Authorities in central Vietnam’s Quang Binh province arrested a member of an online democracy advocacy group on Friday, bringing to five the number of group members taken into custody during the last week.
Nguyen Trung Tuc, a former political prisoner and member of the online Brotherhood for Democracy group, was taken from his home in handcuffs on charges of working to overthrow the government, Truc’s son told RFA’s Vietnamese Service following Truc's arrest.
"At around 9:00 a.m., nearly 100 uniformed and plainclothes officers came to our house,” Truc’s son said.
“They pulled my father outside to take video and photos, and then they forced him to sign some documents. Then they searched our house and took our phones and papers,” he said.
“They spent three hours doing all of this, then they took him away at about 1:00 p.m. after reading a document accusing my father of having violated Article 79” [of Vietnam’s Penal Code, related to "activities aimed at overthrowing the people's administration."]
Speaking separately, another member of Quang Binh province’s Brotherhood for Democracy group confirmed that Truc had been arrested.
“This morning, about 100 people went to Nguyen Trung Tuc’s house to arrest him under Article 79 and conducted a house search until about 12:30. Then they escorted him away,” the source said, speaking to RFA on condition of anonymity.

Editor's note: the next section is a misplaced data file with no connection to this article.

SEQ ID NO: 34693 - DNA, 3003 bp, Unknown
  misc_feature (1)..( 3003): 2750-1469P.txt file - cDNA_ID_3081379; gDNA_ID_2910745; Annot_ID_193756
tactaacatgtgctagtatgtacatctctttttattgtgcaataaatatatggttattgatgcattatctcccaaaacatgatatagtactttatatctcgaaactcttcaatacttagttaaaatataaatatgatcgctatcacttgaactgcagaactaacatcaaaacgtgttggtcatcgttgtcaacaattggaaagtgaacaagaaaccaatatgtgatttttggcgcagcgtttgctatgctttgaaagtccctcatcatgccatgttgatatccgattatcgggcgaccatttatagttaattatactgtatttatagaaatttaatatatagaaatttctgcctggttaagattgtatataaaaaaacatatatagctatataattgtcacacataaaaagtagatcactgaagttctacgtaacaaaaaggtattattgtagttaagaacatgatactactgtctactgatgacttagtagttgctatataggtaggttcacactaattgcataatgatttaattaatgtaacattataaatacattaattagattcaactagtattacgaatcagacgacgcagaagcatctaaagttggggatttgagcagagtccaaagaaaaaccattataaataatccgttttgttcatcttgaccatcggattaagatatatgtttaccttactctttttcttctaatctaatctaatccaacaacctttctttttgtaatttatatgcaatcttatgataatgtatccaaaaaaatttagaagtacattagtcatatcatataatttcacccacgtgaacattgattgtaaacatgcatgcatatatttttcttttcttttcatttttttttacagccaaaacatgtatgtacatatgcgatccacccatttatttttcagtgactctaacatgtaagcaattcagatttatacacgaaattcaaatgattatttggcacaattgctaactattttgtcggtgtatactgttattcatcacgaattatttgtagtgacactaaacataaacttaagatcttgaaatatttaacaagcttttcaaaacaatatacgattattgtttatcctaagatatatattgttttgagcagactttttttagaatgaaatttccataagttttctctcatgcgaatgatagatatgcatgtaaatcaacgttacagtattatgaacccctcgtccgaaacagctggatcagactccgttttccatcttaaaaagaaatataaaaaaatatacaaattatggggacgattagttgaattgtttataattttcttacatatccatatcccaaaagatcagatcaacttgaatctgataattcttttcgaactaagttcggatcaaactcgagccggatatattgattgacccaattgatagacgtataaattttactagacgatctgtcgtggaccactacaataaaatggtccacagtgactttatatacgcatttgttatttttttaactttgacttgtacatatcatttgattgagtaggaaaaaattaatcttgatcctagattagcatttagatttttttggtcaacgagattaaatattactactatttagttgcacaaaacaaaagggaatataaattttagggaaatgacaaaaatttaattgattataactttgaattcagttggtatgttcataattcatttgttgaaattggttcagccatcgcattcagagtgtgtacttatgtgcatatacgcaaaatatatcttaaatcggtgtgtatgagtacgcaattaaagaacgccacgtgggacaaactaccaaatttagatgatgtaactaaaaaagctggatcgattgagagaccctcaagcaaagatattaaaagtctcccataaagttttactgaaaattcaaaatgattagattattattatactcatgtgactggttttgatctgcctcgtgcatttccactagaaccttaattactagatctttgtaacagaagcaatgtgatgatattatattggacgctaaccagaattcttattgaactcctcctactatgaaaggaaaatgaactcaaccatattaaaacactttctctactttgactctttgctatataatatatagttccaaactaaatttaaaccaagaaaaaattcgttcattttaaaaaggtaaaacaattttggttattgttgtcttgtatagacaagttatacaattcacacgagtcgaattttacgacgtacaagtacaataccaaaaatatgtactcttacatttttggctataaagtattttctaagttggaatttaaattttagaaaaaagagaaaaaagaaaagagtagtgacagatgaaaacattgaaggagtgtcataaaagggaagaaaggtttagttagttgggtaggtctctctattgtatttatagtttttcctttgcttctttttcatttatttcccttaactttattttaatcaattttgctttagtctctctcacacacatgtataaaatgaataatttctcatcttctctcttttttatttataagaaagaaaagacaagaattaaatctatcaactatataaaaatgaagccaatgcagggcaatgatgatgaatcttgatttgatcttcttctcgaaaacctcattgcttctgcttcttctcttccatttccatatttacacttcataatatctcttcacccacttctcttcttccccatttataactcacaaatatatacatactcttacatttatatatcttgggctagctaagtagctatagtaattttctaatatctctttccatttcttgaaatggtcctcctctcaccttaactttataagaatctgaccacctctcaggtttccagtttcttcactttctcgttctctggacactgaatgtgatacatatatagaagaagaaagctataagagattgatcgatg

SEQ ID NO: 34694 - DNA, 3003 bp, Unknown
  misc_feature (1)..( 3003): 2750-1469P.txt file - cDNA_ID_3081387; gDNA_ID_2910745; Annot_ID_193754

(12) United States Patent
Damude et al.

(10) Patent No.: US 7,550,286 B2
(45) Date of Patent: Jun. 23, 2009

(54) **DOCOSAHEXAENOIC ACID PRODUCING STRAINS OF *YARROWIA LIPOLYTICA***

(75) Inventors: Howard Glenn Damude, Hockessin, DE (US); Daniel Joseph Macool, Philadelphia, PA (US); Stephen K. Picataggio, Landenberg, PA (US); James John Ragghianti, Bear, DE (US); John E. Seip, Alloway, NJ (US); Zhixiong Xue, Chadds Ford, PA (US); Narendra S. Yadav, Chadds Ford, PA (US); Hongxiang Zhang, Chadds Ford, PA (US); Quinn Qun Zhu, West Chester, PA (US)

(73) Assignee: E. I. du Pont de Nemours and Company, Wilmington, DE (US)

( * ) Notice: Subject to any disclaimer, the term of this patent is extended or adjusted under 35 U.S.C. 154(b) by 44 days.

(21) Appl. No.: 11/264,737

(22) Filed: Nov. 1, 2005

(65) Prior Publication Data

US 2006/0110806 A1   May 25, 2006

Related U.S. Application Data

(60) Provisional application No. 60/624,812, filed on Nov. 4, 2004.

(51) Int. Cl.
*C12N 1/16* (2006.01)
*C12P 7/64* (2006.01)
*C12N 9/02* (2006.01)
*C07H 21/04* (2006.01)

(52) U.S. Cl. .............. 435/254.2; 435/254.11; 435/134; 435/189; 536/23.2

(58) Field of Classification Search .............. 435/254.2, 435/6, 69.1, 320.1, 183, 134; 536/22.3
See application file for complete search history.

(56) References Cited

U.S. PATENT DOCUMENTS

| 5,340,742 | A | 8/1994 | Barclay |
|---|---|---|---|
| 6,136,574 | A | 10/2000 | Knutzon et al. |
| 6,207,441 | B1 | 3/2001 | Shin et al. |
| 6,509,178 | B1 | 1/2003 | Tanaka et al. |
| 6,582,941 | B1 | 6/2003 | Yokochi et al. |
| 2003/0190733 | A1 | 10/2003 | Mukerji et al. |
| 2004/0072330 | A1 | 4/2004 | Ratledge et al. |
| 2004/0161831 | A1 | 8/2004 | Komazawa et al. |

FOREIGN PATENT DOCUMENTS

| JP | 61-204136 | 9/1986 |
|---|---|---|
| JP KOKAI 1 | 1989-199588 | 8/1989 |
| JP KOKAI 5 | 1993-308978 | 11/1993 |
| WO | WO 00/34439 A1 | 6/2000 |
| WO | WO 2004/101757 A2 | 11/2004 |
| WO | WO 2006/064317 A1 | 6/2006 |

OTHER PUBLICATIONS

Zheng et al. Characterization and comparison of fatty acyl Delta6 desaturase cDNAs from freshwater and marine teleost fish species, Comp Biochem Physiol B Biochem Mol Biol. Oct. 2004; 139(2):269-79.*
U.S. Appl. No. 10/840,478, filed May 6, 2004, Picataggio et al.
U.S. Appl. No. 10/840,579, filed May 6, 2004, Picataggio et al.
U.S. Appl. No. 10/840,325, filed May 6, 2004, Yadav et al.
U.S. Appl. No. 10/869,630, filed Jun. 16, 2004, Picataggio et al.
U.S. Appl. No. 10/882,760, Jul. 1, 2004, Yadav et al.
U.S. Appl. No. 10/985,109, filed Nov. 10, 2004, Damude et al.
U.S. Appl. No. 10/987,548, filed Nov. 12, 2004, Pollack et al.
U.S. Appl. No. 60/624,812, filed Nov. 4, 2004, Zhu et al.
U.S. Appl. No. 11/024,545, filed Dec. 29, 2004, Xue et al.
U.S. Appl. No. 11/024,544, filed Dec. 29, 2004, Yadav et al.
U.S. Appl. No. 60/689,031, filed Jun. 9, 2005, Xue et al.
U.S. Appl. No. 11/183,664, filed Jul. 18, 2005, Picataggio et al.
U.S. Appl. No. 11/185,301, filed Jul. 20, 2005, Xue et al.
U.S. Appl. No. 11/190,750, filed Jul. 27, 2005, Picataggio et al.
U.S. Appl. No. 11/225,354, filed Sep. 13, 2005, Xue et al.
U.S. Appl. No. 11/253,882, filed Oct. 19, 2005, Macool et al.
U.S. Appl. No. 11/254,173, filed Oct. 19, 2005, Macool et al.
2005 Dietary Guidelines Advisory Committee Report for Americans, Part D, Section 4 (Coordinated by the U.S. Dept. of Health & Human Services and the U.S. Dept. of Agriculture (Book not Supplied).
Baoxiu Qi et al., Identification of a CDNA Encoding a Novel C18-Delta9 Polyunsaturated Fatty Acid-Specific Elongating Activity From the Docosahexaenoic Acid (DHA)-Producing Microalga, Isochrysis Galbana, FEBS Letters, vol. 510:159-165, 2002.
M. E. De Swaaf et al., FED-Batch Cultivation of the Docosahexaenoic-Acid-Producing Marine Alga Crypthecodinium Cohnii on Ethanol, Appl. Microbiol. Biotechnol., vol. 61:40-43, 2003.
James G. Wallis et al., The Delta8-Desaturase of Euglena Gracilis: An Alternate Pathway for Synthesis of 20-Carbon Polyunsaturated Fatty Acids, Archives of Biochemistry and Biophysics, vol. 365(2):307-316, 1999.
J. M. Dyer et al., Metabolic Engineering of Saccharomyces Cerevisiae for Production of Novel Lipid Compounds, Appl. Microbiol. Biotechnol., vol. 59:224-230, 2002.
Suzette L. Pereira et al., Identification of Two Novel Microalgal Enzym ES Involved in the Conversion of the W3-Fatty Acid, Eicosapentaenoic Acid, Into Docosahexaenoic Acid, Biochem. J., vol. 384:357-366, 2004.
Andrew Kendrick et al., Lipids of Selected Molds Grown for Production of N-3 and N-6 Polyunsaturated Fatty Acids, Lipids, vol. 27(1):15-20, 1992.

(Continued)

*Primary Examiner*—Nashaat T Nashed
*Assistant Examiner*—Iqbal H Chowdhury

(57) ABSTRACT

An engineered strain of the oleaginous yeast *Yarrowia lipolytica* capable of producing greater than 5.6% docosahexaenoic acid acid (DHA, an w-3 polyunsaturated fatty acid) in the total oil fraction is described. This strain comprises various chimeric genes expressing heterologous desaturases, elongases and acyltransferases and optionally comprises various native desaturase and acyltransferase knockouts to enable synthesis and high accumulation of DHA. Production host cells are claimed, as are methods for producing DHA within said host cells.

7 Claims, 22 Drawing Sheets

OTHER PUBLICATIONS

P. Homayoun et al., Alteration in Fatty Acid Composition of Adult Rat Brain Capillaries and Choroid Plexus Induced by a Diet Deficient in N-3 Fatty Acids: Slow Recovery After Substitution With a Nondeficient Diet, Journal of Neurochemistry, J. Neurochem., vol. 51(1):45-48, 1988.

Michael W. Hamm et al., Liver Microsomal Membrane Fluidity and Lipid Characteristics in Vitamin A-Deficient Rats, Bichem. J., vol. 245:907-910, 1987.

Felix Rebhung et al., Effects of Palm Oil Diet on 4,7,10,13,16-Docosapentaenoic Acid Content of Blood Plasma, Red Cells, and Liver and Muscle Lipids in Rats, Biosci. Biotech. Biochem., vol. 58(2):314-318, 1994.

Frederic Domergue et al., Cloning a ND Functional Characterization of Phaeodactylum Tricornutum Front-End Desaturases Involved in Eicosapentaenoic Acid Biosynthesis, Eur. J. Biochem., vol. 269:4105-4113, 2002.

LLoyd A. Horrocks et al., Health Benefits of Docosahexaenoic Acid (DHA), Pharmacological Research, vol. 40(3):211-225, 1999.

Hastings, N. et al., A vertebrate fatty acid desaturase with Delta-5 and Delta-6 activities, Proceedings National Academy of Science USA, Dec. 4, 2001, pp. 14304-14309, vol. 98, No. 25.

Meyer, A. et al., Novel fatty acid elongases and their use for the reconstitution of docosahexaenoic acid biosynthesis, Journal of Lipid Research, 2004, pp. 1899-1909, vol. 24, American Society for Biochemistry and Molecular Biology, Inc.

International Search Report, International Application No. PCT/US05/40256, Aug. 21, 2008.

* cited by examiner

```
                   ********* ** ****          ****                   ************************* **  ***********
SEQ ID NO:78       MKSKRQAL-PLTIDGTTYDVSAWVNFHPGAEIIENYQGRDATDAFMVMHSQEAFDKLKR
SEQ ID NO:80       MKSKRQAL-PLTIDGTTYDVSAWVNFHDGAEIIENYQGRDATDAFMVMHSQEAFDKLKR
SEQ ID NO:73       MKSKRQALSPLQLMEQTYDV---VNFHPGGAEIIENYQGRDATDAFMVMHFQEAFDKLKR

Others also held
On Sunday, police detained four other members of the group on charges of attempting to topple the country’s one-party state, drawing condemnation from their organization and Paris-based rights campaigners who demanded their unconditional release next day.
Taken into custody were Protestant pastor Nguyen Trung Ton, 45, engineer Pham Van Troi, 45, journalist Truong Minh Duc, 57, and lawyer Nguyen Bac Truyen, 49, according to a statement on the website of Vietnam’s Ministry of Public Security.
The four men were charged under Article 79 and could face the death penalty if convicted.
Communist Vietnam, where all media are state-controlled, does not tolerate dissent, and rights groups identify Article 79 as among a set of vague provisions that authorities have used to detain dozens of writers and bloggers.
Reported by RFA’s Vietnamese Service. Translated by Emily Peyman. Written in English by Richard Finney.